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Lies, damned lies, and statistics

This well-known saying is part of a phrase attributed to Benjamin Disraeli and popularized in the U.S. by Mark Twain: There are three kinds of lies: lies, damned lies, and statistics.

The semi-ironic statement refers to the persuasive power of numbers, and succinctly describes how statistics, even accurate ones, can be used to bolster an inaccurate argument through such methods as selectively choosing data, ignoring bad results and over-emphasizing good results.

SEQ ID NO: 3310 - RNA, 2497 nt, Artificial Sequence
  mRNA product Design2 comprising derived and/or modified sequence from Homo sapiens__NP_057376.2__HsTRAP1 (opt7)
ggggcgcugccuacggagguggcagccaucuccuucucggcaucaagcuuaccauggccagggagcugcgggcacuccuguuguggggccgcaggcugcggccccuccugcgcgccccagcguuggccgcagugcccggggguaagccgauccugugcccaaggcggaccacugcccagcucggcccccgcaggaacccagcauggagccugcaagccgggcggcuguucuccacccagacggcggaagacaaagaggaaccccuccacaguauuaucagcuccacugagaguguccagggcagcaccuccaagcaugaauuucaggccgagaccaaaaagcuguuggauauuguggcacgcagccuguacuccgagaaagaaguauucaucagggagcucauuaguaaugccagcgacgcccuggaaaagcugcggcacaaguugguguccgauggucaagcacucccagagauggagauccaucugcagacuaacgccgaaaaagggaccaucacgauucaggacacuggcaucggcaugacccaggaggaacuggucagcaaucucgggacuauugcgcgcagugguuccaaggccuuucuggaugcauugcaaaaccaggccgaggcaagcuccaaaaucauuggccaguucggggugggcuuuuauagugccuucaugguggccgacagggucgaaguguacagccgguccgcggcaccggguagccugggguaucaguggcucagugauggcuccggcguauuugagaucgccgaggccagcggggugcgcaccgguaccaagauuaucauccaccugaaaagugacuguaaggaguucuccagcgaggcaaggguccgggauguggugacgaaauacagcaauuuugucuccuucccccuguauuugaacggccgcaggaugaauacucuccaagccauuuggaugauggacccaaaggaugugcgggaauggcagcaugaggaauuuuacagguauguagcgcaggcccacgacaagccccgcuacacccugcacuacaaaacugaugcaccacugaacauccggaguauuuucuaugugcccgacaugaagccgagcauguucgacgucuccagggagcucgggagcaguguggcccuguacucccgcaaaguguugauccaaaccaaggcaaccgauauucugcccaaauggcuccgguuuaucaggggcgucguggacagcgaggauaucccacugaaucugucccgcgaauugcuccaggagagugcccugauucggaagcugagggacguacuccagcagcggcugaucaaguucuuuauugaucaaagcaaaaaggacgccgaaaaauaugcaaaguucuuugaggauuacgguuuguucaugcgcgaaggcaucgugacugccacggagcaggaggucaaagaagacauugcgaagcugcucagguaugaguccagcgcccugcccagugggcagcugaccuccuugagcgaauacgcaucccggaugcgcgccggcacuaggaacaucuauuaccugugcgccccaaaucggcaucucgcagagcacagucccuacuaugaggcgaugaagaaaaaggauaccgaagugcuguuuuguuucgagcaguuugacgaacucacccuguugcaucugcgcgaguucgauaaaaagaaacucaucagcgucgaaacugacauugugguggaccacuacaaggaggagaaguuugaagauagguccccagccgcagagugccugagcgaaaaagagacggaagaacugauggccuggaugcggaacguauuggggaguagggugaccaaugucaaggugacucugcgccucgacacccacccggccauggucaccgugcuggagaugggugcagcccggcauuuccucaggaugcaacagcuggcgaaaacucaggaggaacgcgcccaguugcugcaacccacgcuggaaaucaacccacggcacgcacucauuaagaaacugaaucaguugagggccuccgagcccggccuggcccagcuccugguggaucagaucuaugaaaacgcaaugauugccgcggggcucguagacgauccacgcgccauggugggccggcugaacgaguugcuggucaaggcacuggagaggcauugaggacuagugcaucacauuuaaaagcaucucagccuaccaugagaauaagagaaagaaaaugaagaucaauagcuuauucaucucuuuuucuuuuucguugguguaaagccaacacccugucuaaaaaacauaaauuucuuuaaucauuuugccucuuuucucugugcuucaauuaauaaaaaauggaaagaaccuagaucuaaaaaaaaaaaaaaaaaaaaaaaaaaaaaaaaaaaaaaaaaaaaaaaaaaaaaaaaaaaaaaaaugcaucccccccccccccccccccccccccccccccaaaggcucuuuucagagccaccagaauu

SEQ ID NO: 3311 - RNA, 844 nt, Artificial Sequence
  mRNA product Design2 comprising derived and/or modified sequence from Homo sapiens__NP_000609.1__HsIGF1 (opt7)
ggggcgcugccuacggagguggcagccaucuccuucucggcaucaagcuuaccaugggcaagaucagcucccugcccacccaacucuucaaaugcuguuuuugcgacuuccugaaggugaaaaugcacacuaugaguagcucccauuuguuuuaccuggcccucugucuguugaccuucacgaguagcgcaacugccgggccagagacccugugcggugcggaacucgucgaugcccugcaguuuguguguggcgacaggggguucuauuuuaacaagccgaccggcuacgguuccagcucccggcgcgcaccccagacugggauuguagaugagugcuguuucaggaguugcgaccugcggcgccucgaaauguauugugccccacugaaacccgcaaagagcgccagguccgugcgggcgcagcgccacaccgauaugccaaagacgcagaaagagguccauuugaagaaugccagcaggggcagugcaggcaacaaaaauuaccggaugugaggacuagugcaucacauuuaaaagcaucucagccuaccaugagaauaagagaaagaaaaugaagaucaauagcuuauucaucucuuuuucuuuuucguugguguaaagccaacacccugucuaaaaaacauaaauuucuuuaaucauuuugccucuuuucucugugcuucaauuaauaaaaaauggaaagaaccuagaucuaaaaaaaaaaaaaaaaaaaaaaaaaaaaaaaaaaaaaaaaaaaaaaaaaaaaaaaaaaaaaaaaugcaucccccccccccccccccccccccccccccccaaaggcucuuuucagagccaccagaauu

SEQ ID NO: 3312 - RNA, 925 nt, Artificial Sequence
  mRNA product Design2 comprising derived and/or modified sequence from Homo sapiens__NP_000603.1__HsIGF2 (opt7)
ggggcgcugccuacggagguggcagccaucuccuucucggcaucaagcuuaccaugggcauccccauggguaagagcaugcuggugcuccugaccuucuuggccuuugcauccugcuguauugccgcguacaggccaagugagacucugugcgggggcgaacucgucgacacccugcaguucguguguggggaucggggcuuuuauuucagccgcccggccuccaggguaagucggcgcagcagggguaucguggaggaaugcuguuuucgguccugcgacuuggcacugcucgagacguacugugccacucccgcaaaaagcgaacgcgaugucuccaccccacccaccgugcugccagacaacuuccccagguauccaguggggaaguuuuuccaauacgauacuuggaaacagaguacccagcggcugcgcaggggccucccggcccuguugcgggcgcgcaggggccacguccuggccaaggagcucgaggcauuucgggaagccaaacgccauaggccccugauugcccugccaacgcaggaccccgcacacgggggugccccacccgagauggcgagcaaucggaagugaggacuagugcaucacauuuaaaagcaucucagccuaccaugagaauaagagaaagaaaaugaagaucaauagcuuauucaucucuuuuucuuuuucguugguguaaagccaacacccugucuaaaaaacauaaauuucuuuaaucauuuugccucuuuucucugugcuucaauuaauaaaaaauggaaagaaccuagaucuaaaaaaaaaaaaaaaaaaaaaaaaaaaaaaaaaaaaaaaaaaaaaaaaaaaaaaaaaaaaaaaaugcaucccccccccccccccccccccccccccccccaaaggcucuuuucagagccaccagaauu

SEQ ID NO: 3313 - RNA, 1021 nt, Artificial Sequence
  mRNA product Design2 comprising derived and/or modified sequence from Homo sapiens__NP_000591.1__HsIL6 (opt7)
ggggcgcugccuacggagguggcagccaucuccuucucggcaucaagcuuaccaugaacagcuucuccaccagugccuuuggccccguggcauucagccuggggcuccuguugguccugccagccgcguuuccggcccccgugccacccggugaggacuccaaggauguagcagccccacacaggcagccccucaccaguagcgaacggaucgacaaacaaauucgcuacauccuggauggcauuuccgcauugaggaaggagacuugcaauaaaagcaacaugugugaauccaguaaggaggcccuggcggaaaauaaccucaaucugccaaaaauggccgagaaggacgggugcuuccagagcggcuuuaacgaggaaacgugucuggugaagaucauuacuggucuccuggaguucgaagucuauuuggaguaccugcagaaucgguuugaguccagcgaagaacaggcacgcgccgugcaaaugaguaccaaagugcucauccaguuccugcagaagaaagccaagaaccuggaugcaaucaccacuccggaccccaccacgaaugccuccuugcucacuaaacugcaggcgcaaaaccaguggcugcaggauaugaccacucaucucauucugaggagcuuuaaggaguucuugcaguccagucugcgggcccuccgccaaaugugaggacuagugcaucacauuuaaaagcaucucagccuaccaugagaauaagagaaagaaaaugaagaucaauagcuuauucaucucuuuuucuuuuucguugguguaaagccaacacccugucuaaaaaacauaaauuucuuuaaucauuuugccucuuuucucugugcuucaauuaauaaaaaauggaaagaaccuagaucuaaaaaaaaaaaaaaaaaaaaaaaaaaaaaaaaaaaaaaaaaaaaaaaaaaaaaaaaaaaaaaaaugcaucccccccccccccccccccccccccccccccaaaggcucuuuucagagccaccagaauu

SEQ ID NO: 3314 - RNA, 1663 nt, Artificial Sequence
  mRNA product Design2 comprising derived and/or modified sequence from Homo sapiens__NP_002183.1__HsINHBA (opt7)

There is some doubt as to whether the statement was actually coined by Disraeli. There is no evidence for Disraeli saying or writing the phrase other than mention in Twain's autobiography. Alternative attributions include the radical journalist and politician Henry Labouchère (1831-1912).

This topic has received many popular expositions, notably the 1954 book How to Lie with Statistics by Darrell Huff, which is still in print a half-century after it was written.